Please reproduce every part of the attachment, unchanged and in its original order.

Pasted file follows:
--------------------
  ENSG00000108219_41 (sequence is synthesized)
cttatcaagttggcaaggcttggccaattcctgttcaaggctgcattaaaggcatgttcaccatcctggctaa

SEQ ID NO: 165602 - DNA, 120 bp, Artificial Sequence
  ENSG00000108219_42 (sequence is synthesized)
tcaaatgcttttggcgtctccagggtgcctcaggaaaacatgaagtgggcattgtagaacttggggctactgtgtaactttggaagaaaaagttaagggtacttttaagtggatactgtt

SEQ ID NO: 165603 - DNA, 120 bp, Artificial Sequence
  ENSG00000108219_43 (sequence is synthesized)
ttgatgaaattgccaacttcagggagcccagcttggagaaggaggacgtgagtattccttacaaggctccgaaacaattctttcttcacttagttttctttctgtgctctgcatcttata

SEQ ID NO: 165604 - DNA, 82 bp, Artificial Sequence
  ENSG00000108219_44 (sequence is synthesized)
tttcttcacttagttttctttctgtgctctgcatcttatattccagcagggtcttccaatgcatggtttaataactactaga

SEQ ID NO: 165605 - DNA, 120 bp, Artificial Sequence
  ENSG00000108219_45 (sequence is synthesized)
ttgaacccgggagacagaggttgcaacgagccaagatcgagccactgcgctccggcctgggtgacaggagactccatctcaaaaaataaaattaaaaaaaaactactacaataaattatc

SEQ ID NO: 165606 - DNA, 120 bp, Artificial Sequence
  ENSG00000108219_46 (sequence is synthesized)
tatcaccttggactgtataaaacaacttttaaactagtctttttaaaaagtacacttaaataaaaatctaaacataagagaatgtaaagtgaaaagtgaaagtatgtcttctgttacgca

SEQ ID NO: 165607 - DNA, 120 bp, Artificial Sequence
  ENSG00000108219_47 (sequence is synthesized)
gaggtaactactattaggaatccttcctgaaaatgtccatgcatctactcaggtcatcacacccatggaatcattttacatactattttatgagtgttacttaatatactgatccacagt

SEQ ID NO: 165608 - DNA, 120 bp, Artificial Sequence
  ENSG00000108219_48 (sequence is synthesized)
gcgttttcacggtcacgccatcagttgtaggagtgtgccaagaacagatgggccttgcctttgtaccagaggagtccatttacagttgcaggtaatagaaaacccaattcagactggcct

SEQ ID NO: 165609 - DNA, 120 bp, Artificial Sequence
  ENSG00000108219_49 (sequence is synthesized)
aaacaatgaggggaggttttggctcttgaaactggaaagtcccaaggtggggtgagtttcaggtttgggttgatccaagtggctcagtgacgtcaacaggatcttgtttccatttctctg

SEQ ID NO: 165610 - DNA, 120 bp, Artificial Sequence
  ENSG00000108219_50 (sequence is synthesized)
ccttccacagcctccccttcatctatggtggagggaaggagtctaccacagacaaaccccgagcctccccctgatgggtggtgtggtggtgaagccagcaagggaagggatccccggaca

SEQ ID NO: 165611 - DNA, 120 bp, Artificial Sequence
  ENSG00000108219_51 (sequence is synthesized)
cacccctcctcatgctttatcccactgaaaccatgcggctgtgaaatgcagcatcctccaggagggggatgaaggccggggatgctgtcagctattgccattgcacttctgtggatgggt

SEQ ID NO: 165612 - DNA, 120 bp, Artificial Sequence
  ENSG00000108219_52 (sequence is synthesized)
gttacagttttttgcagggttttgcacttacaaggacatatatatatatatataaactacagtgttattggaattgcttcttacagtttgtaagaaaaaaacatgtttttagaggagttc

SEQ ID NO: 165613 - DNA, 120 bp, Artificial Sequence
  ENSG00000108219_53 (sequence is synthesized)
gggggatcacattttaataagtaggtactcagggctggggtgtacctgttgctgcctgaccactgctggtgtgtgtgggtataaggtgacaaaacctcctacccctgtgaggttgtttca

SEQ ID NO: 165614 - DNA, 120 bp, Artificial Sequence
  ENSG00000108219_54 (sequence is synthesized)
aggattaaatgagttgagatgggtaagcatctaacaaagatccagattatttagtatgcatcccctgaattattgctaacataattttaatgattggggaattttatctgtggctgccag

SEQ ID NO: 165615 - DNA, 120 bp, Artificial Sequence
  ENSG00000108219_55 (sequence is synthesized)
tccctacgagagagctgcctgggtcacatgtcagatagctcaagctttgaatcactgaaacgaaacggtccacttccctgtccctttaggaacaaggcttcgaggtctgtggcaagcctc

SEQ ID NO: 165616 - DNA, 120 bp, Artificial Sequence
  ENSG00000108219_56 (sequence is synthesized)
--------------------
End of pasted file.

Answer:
  ENSG00000108219_41 (sequence is synthesized)
cttatcaagttggcaaggcttggccaattcctgttcaaggctgcattaaaggcatgttcaccatcctggctaa

SEQ ID NO: 165602 - DNA, 120 bp, Artificial Sequence
  ENSG00000108219_42 (sequence is synthesized)
tcaaatgcttttggcgtctccagggtgcctcaggaaaacatgaagtgggcattgtagaacttggggctactgtgtaactttggaagaaaaagttaagggtacttttaagtggatactgtt

SEQ ID NO: 165603 - DNA, 120 bp, Artificial Sequence
  ENSG00000108219_43 (sequence is synthesized)
ttgatgaaattgccaacttcagggagcccagcttggagaaggaggacgtgagtattccttacaaggctccgaaacaattctttcttcacttagttttctttctgtgctctgcatcttata

SEQ ID NO: 165604 - DNA, 82 bp, Artificial Sequence
  ENSG00000108219_44 (sequence is synthesized)
tttcttcacttagttttctttctgtgctctgcatcttatattccagcagggtcttccaatgcatggtttaataactactaga

SEQ ID NO: 165605 - DNA, 120 bp, Artificial Sequence
  ENSG00000108219_45 (sequence is synthesized)
ttgaacccgggagacagaggttgcaacgagccaagatcgagccactgcgctccggcctgggtgacaggagactccatctcaaaaaataaaattaaaaaaaaactactacaataaattatc

SEQ ID NO: 165606 - DNA, 120 bp, Artificial Sequence
  ENSG00000108219_46 (sequence is synthesized)
tatcaccttggactgtataaaacaacttttaaactagtctttttaaaaagtacacttaaataaaaatctaaacataagagaatgtaaagtgaaaagtgaaagtatgtcttctgttacgca

SEQ ID NO: 165607 - DNA, 120 bp, Artificial Sequence
  ENSG00000108219_47 (sequence is synthesized)
gaggtaactactattaggaatccttcctgaaaatgtccatgcatctactcaggtcatcacacccatggaatcattttacatactattttatgagtgttacttaatatactgatccacagt

SEQ ID NO: 165608 - DNA, 120 bp, Artificial Sequence
  ENSG00000108219_48 (sequence is synthesized)
gcgttttcacggtcacgccatcagttgtaggagtgtgccaagaacagatgggccttgcctttgtaccagaggagtccatttacagttgcaggtaatagaaaacccaattcagactggcct

SEQ ID NO: 165609 - DNA, 120 bp, Artificial Sequence
  ENSG00000108219_49 (sequence is synthesized)
aaacaatgaggggaggttttggctcttgaaactggaaagtcccaaggtggggtgagtttcaggtttgggttgatccaagtggctcagtgacgtcaacaggatcttgtttccatttctctg

SEQ ID NO: 165610 - DNA, 120 bp, Artificial Sequence
  ENSG00000108219_50 (sequence is synthesized)
ccttccacagcctccccttcatctatggtggagggaaggagtctaccacagacaaaccccgagcctccccctgatgggtggtgtggtggtgaagccagcaagggaagggatccccggaca

SEQ ID NO: 165611 - DNA, 120 bp, Artificial Sequence
  ENSG00000108219_51 (sequence is synthesized)
cacccctcctcatgctttatcccactgaaaccatgcggctgtgaaatgcagcatcctccaggagggggatgaaggccggggatgctgtcagctattgccattgcacttctgtggatgggt

SEQ ID NO: 165612 - DNA, 120 bp, Artificial Sequence
  ENSG00000108219_52 (sequence is synthesized)
gttacagttttttgcagggttttgcacttacaaggacatatatatatatatataaactacagtgttattggaattgcttcttacagtttgtaagaaaaaaacatgtttttagaggagttc

SEQ ID NO: 165613 - DNA, 120 bp, Artificial Sequence
  ENSG00000108219_53 (sequence is synthesized)
gggggatcacattttaataagtaggtactcagggctggggtgtacctgttgctgcctgaccactgctggtgtgtgtgggtataaggtgacaaaacctcctacccctgtgaggttgtttca

SEQ ID NO: 165614 - DNA, 120 bp, Artificial Sequence
  ENSG00000108219_54 (sequence is synthesized)
aggattaaatgagttgagatgggtaagcatctaacaaagatccagattatttagtatgcatcccctgaattattgctaacataattttaatgattggggaattttatctgtggctgccag

SEQ ID NO: 165615 - DNA, 120 bp, Artificial Sequence
  ENSG00000108219_55 (sequence is synthesized)
tccctacgagagagctgcctgggtcacatgtcagatagctcaagctttgaatcactgaaacgaaacggtccacttccctgtccctttaggaacaaggcttcgaggtctgtggcaagcctc

SEQ ID NO: 165616 - DNA, 120 bp, Artificial Sequence
  ENSG00000108219_56 (sequence is synthesized)